With shooting space often times so tight for boudoir photo sessions, there is the temptation to use a 50mm lens for tighter headshots on a full-frame D-SLR. Instead of stepping back a bit and using an 85mm lens or longer, a bit of visual laziness comes into play, and we rely on the 50mm lens too much. It really is too short a focal length for a tight portrait. I think many photographers are even too in love with their 50mm lenses, and use it without thought of how this would distort someone’s face when used too close to their subjects.

I totally understand the need for compromise. Quite often the angle we need to shoot from, dictates a shorter-than-ideal focal length – whether because of the shape of the room, or the direction of the light. This still doesn’t make the 50mm a good lens to shoot tight portraits with. A longer focal length would still give you more flattering results.

The example photographs in this article are by Petra Hermann, Kansas City boudoir photographer.
(Also check out Petra’s workshops on boudoir photography.)

She used a 50mm lens for these images, but kept to half-length as the closest distance to photograph her subject. The 50mm really is more of an environmental portrait type lens, rather than a tight portrait lens.

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portraits in the studio with an 85mm f/1.4 lens

Shooting portraits with fast lenses for that distinctive shallow depth-of-field look, works in the studio too. In fact, it works exceptionally well. But it is perhaps an unexpected way of working in the studio – the usual way is to work with apertures in the range of f/8 or f/11 for great depth-of-field and superb image sharpness.

That super-fast aperture portrait lens really focuses the attention exactly where you want it …

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wedding photography – big bounce flash

In photographing groups with weddings, I have a preference to keep the light soft and even. This makes posing a large group easier, since you don’t have to worry about odd shadows. A big light source, just off to my side, is the simplest way of lighting this. Previous articles described how to do this with speedlights and an umbrella. (Check links at the bottom of the article.) Often enough though, you’ll find yourself in a scenario where one or two speedlights just don’t have enough juice, and then you need to bring out something bigger and more powerful – portable studio lighting.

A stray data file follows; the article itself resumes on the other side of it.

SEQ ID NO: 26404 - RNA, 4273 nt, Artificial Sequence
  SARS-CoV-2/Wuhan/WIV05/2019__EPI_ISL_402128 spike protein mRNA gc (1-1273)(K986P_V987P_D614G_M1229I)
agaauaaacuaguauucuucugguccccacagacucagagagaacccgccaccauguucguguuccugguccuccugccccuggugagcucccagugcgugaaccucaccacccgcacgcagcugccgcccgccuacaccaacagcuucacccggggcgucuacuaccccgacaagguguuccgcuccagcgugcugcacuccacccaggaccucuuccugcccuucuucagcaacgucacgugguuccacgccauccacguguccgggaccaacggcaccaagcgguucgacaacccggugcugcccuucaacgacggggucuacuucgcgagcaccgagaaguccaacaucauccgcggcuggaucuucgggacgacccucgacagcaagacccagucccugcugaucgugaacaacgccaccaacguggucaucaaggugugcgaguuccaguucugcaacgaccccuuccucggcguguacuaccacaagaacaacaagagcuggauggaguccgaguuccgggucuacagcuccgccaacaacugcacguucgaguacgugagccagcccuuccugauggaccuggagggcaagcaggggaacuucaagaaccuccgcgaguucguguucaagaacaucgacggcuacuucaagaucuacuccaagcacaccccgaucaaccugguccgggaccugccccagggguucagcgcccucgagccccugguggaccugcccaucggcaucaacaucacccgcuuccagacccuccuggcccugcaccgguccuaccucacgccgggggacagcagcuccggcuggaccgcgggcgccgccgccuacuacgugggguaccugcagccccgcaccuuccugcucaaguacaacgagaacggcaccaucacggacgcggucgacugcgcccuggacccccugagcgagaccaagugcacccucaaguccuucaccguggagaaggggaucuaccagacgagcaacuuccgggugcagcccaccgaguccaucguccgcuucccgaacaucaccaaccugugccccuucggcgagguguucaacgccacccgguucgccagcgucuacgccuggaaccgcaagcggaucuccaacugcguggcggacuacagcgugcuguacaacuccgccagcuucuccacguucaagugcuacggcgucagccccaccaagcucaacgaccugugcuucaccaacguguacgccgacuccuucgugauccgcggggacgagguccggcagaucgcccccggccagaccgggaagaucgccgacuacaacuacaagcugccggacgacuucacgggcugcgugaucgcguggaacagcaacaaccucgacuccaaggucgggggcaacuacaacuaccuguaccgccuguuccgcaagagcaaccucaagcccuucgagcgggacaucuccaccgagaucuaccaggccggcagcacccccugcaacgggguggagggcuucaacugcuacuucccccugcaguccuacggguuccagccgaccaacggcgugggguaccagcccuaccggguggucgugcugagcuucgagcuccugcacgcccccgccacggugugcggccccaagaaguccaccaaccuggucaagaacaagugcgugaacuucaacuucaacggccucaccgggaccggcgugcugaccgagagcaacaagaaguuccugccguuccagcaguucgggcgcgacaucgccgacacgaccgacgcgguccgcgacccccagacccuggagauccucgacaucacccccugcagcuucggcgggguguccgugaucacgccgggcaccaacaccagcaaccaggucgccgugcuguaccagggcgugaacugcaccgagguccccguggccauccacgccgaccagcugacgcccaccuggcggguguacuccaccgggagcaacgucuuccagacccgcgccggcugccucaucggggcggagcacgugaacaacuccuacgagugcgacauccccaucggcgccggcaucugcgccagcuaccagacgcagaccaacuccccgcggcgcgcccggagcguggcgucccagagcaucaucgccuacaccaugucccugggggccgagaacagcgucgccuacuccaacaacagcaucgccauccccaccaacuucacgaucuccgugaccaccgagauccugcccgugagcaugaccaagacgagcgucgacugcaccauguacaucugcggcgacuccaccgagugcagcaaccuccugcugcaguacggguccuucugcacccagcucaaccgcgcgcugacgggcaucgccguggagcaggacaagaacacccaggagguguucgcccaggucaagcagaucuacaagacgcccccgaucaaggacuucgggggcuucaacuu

There are numerous options out there for portable studio lighting – Elinchrom, AlienBees and others. I use Profoto. I always bring my Profoto 600R in the trunk of my car, just in case it is necessary. And frequently enough it is necessary, for example:
shooting wedding photos in the mid-day sun
lighting large groups with a large light

With Grace and Joseph’s wedding, I had to pull out the Profoto AcuteB2 600 Power Pack  (B&H) again. Lack of time due to the snowstorm delays had me simply use it as a big bounce flash. But it took a few steps getting to that point …

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use light & lighting to add dramatic impact to your portraits

Simplifying your composition is generally a really good way to add impact to your photos – remove visual clutter, and draw the viewer’s eye to what’s essential. But there’s a converse challenge to this – when you have a location that isn’t necessarily that interesting , how do you add more impact? Light and Lighting is an obvious way to do this. Create impact and drama in how you add light to the scene, and light your subjects. A recent article discussed this in relation to off-camera flash: usting off-camera flash for that extra bit of drama – (model: Olena).

For the romantic wedding portraits of Grace and Joseph, we were landlocked to a few rooms inside the venue because of the snow storm outside. Then it becomes a challenge to come up with ideas and use nooks and crannies, and make it all count!

For the image at the top, we were in the room where they serve pre-dinner cocktail snacks and drinks. Nothing much there. But I came up with the idea of having Joseph sit on this table against this wall, and then adding Grace.

Posing tip: In terms of posing a couple, it is nearly always easier to start with one person, and then adding the other. Use the first person to anchor the pose. And I usually physically show them where to sit or stand or lean when I pose someone.